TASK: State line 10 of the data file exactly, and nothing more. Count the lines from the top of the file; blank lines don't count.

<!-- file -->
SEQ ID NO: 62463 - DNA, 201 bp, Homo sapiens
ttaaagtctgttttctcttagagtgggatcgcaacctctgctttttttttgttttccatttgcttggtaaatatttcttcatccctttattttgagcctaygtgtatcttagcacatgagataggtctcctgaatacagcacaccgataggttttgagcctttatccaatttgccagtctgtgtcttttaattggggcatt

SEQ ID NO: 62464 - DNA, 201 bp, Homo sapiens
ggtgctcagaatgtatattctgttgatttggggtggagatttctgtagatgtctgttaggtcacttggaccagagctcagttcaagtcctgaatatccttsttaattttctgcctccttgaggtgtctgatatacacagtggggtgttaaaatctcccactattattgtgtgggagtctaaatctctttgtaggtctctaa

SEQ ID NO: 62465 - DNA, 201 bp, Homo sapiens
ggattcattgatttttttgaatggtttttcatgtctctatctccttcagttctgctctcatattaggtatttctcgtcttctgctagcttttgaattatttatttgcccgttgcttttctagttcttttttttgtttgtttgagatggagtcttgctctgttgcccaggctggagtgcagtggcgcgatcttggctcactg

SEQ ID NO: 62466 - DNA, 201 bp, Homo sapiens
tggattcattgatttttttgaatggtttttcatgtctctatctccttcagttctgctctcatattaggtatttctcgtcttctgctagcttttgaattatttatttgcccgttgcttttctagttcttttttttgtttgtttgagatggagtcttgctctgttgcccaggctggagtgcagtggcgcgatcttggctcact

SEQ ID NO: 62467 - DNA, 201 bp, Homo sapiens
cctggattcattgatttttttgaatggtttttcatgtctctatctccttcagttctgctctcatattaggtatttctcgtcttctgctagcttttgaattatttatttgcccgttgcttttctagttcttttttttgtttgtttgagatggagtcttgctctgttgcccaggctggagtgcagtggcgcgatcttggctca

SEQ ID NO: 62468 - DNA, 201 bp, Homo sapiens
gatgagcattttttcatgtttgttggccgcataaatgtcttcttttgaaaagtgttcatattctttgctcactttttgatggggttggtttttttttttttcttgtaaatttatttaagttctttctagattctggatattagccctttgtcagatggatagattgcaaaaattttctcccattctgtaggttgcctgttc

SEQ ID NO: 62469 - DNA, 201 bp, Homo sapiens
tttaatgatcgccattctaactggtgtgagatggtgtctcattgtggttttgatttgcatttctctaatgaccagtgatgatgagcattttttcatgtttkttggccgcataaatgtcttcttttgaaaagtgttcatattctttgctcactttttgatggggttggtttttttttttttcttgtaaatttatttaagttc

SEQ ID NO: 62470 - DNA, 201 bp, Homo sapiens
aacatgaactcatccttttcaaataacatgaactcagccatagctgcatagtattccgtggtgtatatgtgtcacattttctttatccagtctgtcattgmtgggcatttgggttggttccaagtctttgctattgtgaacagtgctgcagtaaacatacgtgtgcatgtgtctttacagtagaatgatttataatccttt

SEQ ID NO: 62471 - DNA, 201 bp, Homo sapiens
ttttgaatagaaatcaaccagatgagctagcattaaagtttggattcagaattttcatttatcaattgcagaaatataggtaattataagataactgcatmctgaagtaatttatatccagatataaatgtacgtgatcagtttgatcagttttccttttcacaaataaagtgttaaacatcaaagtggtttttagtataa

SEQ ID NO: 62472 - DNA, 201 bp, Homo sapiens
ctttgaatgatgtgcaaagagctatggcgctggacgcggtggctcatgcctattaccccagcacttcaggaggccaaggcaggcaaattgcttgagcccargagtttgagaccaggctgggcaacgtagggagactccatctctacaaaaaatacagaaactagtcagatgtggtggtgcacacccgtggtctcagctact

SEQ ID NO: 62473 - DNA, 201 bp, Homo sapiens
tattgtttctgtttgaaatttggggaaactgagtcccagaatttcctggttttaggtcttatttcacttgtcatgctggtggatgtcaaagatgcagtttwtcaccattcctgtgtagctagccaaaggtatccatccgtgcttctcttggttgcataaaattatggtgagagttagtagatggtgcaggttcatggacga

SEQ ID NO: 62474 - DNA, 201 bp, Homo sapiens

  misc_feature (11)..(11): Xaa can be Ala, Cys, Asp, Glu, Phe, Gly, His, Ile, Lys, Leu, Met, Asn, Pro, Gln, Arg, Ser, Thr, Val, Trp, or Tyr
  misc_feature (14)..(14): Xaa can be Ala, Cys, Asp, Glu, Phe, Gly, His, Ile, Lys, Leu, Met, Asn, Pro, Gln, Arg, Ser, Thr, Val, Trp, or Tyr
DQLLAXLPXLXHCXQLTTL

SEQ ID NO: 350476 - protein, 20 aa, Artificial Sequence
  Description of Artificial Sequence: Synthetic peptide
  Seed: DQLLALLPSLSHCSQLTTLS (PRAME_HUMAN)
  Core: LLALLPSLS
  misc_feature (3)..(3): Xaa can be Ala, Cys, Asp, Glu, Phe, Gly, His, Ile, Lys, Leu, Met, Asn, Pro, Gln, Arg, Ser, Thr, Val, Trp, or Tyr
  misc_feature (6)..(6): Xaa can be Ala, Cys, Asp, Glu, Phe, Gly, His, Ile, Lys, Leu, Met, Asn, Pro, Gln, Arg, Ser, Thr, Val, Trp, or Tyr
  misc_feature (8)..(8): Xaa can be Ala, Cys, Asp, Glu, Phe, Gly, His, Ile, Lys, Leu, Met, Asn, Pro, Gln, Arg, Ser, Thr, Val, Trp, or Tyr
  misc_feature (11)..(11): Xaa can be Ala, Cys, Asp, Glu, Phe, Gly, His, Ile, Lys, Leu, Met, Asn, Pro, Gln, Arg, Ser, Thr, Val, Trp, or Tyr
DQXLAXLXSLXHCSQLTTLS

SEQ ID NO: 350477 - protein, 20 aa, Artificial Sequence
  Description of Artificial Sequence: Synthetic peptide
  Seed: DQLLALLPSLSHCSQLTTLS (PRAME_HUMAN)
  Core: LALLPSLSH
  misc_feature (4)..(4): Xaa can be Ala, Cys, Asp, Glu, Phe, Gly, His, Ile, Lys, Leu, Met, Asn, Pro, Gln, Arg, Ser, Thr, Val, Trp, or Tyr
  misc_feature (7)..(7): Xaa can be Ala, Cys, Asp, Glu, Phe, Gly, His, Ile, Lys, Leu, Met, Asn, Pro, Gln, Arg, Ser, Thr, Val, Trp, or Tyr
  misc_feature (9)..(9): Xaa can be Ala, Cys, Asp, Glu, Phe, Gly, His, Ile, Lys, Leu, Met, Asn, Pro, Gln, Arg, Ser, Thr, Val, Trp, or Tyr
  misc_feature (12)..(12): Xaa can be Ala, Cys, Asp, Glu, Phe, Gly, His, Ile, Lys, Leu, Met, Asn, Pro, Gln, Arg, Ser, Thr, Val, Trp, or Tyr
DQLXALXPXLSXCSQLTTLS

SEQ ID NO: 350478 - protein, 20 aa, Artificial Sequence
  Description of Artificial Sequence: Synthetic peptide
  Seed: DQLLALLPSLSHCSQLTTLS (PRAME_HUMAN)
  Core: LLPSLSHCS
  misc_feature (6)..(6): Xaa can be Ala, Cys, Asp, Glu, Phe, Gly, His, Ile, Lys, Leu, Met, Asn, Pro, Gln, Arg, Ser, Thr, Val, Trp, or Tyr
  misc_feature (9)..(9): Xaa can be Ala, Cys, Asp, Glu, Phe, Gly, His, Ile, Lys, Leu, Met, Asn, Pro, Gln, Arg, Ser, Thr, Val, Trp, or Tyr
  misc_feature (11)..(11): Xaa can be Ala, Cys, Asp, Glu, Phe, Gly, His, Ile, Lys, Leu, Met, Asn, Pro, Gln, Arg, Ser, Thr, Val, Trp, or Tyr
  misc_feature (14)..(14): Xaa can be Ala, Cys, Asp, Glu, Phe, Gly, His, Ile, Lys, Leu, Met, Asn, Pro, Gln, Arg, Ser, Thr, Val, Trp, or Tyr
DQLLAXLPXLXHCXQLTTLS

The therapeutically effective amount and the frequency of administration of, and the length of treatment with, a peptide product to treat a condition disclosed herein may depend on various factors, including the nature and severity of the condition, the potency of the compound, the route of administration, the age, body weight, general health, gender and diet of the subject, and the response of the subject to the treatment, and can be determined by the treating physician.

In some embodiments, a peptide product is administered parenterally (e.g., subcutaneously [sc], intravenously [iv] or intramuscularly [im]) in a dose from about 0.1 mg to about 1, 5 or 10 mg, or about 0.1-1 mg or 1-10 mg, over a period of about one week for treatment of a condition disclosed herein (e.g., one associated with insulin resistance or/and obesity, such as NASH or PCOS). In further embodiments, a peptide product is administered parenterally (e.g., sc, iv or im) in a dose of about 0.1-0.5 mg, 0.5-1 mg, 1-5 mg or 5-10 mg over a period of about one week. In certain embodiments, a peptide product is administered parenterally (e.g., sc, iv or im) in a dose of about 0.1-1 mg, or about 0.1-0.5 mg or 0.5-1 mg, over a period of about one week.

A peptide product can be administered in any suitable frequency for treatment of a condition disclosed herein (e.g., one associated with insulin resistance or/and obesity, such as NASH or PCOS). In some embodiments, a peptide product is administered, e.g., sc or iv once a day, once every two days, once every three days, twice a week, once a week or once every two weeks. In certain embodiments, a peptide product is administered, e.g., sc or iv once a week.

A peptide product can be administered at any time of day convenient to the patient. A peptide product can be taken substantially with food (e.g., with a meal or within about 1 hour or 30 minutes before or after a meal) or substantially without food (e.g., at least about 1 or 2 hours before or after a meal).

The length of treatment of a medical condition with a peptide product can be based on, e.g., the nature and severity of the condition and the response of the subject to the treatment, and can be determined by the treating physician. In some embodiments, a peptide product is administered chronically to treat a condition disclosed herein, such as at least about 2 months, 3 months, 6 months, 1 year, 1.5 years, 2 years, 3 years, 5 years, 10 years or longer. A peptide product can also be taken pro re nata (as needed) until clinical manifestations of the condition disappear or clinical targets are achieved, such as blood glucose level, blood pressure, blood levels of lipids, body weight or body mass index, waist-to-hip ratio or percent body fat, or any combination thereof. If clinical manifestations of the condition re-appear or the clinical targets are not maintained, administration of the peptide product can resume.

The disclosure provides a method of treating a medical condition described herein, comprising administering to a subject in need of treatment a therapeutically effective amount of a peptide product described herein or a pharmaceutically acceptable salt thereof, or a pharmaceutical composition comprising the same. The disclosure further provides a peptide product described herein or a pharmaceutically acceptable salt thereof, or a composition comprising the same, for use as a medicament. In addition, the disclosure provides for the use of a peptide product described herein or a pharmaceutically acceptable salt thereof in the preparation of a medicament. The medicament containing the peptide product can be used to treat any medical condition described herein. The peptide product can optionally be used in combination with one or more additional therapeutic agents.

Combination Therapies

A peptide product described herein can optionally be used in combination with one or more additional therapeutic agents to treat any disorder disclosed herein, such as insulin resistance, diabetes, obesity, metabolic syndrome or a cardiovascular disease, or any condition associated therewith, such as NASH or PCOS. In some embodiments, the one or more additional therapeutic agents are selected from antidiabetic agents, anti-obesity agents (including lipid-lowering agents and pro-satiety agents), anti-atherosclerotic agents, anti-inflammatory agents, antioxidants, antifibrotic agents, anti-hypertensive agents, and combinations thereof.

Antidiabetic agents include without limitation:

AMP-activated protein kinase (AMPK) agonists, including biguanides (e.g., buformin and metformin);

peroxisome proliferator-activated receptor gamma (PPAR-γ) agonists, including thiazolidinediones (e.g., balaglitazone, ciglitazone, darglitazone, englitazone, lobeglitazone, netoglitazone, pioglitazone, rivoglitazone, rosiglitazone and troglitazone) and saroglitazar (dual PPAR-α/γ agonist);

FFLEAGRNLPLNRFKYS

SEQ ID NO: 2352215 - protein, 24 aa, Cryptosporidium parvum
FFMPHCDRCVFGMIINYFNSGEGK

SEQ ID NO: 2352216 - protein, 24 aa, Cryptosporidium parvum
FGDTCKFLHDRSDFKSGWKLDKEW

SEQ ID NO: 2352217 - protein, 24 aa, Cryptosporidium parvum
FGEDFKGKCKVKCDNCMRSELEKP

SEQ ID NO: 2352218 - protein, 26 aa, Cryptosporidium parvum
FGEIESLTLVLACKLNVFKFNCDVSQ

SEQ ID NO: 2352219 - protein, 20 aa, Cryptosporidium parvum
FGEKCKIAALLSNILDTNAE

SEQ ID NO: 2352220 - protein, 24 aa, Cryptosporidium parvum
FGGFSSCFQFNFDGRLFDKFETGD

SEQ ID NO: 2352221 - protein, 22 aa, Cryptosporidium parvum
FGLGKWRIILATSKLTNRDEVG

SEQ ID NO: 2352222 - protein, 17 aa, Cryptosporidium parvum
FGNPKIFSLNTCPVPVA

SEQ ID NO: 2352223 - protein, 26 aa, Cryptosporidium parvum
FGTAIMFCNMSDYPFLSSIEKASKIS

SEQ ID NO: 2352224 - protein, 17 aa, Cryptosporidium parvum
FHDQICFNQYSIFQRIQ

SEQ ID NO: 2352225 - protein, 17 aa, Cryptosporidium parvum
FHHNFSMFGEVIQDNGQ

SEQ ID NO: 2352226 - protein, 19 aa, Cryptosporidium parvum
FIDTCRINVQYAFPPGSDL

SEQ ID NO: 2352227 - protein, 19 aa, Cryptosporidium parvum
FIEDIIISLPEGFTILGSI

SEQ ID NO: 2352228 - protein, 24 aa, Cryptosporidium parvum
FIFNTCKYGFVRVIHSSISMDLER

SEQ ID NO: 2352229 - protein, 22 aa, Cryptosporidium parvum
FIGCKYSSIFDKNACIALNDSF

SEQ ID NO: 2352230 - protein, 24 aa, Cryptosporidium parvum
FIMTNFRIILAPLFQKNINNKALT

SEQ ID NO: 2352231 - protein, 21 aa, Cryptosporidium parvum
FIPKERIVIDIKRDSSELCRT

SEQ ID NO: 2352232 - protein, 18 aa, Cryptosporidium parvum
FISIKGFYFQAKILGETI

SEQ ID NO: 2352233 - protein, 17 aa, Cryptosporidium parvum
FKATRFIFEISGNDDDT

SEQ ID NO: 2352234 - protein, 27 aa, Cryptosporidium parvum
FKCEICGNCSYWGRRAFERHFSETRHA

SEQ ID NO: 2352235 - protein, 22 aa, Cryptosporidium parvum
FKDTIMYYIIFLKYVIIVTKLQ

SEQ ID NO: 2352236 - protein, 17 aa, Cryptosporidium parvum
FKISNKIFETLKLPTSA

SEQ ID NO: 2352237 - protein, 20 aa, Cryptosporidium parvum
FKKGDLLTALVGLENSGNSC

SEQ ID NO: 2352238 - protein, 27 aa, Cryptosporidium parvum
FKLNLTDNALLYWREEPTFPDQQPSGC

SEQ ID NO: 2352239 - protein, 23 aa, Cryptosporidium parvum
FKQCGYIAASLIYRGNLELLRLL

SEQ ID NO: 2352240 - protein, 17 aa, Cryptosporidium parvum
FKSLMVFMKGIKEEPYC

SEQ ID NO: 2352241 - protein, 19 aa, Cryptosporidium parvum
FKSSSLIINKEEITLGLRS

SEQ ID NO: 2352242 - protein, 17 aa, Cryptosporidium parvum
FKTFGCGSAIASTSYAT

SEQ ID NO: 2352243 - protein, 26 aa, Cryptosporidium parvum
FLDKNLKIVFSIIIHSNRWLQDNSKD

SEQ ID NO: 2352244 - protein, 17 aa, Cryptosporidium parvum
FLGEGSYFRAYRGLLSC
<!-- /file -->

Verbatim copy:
cctggattcattgatttttttgaatggtttttcatgtctctatctccttcagttctgctctcatattaggtatttctcgtcttctgctagcttttgaattatttatttgcccgttgcttttctagttcttttttttgtttgtttgagatggagtcttgctctgttgcccaggctggagtgcagtggcgcgatcttggctca